Majority owner David Argyle has stepped down as chairman and chief executive officer of the Toronto Wolfpack rugby league team in the midst of a racism scandal.
“I leave with a heavy heart as I have disgraced rugby and my family which I love,” Argyle wrote in an open letter to Wolfpack fans.
The Toronto-based Australian mining and resources entrepreneur made the move hours after issuing an apology to Jose Kenga. The Swinton Lions prop says, after approaching a teammate speaking to Argyle in the wake of the Lions’ 52-10 loss in Toronto on April 28, Argyle looked at him and said “Do they allow black people in Swinton?” and then laughed.
Kenga said he told Argyle “you can’t say that in this day and age and he just laughed, brushed it off and handed over a drink token to me.”
In an initial statement, Argyle said: “I take full responsibility and I want to unreservedly apologize to Jose, Swinton Lions, Toronto Wolfpack and our great fans for my comments.”
He went further in a subsequent open letter.
“If any other member of our Wolfpack family had made that comment I made, on balance, regardless context and environment, I would have fired them. Therefore, that also applies to me, so I am firing myself as chairman and CEO,” Argyle wrote. “We have begun a process to find the correct person[s] to achieve the founding objectives of the club in the role of chairman and CEO.
“Interim duties will be picked up by our long-standing executive team on both sides of the Atlantic.”
As for Argyle’s ownership role, it appears he is not walking away immediately from the transatlantic rugby league team.
“My financial obligations and commitments to the club, players, employees, sponsors, suppliers and broadcast partners will be met so that our objective to deliver the best club rugby in the world in Toronto, U.K. and France remain,” he wrote. “I have not had the opportunity to speak with all stakeholders, I will over the next couple of days.”
Asked to clarify Argyle’s ownership position, a club spokesman said there would be no further comment Friday.
In the letter, the 57-year-old Argyle said he was “incredibly careless with my words” in speaking to Kenga.
“I understand the unwitting racist connotations of what I said and the distress caused to Jose. Jose was gracious to take a video call with me today, I apologized and we discussed the matter in depth. I also fully support Jose’s decision to go on social media. I called Swinton RFLC, which I respect and admire as a club.
“The Wolfpack and our new chairman and CEO will remain firmly behind the core values and beliefs that make up the foundation of this organization — the world is a better place with more rugby balls in kids’ hands, we aspire to create a global centre for rugby excellence in Toronto, we actively promote opportunities for transatlantic trade and we support local family run businesses in Ontario. I am very proud of what the entire Wolfpack organization has achieved in the last 2 1/2 years.”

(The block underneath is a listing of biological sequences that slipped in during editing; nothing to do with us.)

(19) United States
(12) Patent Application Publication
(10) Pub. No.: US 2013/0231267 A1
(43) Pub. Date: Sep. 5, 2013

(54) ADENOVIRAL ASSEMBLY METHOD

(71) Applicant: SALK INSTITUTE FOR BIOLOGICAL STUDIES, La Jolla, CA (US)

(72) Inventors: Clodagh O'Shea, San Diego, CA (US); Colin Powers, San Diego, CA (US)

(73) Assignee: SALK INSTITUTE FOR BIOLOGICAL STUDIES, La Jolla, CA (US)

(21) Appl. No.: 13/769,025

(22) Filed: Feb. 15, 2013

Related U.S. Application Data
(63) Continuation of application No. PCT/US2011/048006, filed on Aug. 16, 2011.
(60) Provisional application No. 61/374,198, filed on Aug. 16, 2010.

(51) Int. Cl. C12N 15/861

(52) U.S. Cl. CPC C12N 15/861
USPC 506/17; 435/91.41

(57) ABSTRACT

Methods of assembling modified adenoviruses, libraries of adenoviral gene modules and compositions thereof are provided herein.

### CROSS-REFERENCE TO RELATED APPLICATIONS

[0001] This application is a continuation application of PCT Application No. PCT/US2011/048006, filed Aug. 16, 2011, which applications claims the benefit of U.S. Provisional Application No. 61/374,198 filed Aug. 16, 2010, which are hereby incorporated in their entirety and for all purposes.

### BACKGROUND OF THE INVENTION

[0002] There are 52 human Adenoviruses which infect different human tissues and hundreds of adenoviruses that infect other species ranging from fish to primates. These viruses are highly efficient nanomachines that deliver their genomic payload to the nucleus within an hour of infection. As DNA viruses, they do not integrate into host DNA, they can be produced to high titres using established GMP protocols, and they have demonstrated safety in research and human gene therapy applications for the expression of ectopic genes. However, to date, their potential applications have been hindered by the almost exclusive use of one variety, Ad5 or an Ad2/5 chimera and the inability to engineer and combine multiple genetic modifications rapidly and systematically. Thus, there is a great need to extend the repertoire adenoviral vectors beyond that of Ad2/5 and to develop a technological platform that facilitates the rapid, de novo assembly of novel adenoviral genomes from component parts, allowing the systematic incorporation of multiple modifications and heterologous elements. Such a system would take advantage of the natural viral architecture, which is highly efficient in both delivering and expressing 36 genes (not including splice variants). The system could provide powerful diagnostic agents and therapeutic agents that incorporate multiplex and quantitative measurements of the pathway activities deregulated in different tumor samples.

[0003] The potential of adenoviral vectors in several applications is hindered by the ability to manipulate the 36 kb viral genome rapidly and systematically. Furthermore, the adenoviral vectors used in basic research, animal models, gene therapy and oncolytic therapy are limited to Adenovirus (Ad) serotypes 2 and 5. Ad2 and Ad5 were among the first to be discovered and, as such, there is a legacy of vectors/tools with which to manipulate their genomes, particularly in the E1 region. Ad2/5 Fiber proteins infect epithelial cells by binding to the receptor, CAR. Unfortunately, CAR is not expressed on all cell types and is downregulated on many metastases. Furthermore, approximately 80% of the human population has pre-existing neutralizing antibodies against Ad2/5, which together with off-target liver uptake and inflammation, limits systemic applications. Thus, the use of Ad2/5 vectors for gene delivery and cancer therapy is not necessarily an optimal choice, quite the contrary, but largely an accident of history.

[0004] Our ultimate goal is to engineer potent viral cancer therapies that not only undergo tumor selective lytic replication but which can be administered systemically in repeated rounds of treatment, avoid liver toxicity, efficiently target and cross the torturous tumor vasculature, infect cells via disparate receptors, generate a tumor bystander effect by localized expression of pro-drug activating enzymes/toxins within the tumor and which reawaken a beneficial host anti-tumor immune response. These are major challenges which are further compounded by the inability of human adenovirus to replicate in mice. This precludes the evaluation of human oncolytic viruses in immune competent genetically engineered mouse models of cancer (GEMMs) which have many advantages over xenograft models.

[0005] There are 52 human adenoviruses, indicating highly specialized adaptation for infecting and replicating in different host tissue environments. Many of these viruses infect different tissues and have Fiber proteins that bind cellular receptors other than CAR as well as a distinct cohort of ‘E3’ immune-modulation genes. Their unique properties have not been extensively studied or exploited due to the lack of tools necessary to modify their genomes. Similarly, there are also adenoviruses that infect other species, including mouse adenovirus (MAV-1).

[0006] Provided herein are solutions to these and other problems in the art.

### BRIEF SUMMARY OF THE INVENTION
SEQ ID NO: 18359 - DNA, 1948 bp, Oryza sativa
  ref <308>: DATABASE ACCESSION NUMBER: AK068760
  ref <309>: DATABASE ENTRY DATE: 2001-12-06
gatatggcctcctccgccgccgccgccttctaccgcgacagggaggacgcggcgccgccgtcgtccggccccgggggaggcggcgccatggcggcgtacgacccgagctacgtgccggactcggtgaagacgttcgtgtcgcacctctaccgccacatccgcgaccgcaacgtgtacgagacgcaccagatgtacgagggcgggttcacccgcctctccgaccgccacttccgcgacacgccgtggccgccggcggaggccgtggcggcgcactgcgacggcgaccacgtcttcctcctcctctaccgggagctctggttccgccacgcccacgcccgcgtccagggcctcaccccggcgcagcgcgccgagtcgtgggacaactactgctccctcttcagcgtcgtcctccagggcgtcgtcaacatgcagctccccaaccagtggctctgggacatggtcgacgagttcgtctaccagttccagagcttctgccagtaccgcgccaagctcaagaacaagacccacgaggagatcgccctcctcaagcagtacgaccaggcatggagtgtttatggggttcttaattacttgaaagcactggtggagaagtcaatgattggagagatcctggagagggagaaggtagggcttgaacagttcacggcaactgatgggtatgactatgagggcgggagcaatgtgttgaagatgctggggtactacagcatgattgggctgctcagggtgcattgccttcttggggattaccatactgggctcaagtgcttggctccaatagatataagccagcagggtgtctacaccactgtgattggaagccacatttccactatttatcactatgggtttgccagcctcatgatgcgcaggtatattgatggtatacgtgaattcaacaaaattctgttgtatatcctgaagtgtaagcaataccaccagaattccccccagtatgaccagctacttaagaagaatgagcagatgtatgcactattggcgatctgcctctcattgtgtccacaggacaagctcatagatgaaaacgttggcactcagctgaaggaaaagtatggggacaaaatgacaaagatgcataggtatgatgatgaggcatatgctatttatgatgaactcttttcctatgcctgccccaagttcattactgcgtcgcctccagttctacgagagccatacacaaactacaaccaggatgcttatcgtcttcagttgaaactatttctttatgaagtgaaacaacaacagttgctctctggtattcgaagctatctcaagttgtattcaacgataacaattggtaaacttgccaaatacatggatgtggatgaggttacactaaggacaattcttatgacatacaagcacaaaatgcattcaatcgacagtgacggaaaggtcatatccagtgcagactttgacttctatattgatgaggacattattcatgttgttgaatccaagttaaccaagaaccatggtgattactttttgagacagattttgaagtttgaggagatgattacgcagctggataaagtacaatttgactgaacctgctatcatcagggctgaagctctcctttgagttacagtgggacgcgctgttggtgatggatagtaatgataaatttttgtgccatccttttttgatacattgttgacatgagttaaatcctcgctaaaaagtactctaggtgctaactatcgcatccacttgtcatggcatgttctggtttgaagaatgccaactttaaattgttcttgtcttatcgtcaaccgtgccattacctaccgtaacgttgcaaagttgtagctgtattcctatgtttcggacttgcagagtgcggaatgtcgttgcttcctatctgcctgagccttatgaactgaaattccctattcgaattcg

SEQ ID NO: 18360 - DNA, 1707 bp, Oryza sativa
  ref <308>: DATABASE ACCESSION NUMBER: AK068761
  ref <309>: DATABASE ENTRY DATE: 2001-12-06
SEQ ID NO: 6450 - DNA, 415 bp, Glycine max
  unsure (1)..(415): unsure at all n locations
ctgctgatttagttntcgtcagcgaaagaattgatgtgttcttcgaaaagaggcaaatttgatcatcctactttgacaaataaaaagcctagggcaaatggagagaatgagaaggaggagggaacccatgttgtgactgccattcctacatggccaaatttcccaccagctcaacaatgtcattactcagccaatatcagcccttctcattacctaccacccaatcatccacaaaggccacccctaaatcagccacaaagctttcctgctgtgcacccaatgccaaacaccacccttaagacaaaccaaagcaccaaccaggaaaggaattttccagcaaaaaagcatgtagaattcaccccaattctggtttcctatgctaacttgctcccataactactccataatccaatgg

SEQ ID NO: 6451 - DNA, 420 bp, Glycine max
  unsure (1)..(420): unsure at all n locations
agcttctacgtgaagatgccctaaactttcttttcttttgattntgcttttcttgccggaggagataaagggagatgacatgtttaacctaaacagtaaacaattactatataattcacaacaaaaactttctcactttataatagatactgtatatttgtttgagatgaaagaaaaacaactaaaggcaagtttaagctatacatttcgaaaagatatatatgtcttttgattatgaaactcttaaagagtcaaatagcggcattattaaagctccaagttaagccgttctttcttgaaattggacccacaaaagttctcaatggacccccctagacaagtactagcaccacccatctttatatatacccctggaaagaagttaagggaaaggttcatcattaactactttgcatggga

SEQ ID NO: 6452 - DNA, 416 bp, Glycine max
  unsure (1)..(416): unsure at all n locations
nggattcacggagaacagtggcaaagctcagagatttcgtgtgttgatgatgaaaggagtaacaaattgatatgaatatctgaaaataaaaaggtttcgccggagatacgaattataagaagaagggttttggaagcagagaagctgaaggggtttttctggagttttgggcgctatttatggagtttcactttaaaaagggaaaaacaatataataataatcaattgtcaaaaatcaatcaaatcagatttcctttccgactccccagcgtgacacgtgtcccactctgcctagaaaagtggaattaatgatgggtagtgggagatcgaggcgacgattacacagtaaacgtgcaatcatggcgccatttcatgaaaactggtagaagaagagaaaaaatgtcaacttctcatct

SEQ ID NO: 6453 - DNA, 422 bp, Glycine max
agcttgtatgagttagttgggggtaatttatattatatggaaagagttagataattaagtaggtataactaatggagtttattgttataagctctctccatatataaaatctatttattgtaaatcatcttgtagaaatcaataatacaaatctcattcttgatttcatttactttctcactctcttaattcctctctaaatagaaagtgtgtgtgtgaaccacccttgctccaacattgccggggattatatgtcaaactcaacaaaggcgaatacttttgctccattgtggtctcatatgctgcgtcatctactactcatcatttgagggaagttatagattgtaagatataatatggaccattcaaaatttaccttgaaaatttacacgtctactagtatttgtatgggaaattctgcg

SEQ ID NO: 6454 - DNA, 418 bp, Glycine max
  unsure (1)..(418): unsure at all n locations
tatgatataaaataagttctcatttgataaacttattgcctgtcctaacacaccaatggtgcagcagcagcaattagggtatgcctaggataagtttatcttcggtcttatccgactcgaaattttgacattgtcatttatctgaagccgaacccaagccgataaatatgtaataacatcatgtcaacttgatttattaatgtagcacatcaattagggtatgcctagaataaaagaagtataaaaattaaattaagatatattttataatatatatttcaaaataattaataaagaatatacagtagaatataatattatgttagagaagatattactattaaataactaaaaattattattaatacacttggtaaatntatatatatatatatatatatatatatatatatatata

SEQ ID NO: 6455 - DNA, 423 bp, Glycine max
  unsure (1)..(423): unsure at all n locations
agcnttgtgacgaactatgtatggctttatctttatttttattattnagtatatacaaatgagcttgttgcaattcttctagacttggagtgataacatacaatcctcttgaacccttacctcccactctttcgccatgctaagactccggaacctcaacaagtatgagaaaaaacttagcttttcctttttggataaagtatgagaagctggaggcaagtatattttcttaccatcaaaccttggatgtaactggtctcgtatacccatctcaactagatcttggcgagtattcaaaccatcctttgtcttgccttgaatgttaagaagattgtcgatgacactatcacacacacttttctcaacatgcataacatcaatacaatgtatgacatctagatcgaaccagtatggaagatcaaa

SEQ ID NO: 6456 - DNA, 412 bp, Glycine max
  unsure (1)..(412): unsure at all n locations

Kenga made the allegation via social media on Thursday. Toronto visits Swinton on Sunday.
The Rugby Football League, the governing body of English rugby league, has opened an investigation into the matter.
“We have a zero-tolerance approach to racist behaviour of any type,” it said.
In his statement on Twitter, Kenga said while he had remained silent on the incident, he now feels it is time to speak up.
“This is not a matter that should be swept under the carpet,” he said. “People who are racist ought to be held accountable for their actions. I have never felt so little in my life and can’t believe that people can still have such a racist mind. To make the comment is one thing but to laugh after is another which made me feel so powerless.
“There’s no room for intolerance, ignorance or racism.”
In a subsequent posting, Kenga said Argyle had apologized to him via FaceTime.
“I’d like to say I have forgiven him but still believe this needs to be severely addressed.”
He also said he had raised the matter immediately after the incident and “had followed protocol.”
“The issue had been raised with the RFL and it should not have taken this long and I feel that only that now I have spoken out about it, an investigation has been opened. What about my welfare as a player? I stand firmly by what I said. This is totally unacceptable.”
Argyle remained in the background when the Wolfpack first took the field in 2017. After the team won the third-tier League One in its debut season, he declined to speak to the media.
But in subsequent years, he has become the face of the Wolfpack — an enthusiastic backer of bringing the sport to North America.
The Wolfpack currently lead the second-tier Betfred Championship with a 14-1-0 record. Swinton stands 11th at 4-11-0.